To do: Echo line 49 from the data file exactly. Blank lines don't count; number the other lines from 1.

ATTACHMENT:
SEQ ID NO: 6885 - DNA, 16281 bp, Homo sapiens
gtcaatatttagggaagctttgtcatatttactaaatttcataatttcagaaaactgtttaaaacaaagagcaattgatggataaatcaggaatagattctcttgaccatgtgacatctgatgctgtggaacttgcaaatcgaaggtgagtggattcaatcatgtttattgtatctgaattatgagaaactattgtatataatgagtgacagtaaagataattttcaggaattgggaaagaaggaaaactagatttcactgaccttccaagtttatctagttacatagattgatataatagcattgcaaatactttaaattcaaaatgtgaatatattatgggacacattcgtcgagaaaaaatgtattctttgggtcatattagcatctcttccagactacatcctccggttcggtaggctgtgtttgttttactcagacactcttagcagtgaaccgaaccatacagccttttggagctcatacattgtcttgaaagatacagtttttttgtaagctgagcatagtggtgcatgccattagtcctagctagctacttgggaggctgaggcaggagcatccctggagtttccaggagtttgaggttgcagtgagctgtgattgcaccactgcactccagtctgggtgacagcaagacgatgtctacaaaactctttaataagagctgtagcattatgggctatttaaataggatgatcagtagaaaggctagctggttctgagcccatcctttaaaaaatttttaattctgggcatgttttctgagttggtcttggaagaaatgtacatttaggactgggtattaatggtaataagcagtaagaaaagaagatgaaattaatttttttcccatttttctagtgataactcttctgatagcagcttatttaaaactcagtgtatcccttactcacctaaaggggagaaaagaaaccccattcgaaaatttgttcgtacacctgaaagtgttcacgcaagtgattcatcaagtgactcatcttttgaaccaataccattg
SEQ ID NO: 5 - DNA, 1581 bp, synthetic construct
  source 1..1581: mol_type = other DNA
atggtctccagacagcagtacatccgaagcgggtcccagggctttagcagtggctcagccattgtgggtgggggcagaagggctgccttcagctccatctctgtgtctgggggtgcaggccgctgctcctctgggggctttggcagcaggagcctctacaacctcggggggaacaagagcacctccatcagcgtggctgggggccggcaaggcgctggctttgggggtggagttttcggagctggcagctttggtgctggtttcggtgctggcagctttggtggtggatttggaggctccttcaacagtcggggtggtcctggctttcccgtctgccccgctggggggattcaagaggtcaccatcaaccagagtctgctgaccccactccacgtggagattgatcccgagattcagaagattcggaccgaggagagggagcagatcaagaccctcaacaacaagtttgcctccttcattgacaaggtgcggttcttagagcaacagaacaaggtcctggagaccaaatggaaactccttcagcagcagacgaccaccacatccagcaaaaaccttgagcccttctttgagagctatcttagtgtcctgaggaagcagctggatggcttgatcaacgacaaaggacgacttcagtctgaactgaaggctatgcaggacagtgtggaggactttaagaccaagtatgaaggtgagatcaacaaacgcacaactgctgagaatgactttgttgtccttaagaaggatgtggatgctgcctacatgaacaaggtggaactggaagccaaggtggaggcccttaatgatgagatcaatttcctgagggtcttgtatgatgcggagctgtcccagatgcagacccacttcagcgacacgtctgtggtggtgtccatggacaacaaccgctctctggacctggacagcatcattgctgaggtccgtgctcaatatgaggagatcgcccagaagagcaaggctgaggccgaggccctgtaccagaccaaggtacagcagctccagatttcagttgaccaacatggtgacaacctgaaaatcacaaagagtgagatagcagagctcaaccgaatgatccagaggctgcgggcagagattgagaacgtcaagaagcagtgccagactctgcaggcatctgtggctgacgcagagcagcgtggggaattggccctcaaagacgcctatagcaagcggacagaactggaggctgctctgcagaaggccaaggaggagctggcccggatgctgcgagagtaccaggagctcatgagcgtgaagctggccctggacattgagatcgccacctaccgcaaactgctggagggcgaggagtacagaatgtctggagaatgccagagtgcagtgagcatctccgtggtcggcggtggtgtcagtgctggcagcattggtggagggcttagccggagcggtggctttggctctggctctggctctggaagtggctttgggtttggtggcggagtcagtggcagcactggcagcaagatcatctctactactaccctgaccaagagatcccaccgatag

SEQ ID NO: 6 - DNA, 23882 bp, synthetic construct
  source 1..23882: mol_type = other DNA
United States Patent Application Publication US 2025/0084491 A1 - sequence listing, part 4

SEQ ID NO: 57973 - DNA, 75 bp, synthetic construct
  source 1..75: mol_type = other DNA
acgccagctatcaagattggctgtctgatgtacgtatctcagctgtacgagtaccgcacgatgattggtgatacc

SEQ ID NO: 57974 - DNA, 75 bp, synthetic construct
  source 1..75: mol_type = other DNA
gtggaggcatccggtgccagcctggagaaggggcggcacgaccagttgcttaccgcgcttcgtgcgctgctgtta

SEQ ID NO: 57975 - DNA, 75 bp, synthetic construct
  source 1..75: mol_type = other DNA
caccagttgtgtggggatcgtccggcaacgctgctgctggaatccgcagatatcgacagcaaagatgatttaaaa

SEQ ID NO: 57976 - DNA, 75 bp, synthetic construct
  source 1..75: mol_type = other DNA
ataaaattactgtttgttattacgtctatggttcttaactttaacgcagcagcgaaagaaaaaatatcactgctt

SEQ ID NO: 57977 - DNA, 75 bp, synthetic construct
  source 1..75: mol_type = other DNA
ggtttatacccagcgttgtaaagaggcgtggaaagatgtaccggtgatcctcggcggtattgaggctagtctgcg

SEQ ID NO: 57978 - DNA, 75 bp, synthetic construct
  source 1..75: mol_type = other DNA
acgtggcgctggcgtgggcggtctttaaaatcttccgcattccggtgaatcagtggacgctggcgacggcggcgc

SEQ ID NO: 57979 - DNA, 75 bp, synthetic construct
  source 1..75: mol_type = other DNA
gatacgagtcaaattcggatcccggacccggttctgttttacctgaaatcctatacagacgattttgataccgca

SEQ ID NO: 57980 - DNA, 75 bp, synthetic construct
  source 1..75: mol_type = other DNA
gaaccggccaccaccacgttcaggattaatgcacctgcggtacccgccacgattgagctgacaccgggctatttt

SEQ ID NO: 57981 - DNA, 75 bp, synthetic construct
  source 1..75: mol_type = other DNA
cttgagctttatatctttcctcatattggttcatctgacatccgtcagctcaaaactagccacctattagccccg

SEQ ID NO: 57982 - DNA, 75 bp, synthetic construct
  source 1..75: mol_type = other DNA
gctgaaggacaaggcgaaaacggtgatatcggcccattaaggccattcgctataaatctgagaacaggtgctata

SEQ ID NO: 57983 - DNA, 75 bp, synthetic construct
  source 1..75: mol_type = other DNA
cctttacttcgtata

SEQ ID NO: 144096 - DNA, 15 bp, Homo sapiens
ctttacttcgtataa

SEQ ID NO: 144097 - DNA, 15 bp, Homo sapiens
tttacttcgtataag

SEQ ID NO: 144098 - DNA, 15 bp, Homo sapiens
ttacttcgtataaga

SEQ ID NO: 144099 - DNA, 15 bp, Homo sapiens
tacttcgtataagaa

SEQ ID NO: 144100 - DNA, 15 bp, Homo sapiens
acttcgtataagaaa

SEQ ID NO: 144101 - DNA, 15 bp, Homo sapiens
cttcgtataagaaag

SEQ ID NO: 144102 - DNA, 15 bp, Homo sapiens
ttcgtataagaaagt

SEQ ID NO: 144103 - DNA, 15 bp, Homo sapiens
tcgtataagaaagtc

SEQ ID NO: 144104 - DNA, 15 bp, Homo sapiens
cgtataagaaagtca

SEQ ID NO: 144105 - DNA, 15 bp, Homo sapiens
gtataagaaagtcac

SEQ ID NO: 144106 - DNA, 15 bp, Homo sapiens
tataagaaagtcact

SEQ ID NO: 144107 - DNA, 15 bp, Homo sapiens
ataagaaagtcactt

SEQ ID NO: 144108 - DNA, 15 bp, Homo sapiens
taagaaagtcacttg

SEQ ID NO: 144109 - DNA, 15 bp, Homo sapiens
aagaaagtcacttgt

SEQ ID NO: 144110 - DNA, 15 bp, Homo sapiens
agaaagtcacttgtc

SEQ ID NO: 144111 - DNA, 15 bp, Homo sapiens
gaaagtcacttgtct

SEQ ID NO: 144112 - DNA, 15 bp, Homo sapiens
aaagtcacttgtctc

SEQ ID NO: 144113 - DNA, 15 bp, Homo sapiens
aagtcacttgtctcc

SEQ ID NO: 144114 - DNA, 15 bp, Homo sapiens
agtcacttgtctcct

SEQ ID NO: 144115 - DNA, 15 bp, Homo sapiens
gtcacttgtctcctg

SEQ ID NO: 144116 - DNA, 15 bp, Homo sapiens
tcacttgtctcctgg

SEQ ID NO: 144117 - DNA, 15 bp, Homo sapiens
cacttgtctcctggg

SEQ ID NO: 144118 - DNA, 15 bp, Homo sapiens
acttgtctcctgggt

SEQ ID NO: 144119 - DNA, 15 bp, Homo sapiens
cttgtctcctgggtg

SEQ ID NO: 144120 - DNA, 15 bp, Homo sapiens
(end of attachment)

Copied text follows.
tacttcgtataagaa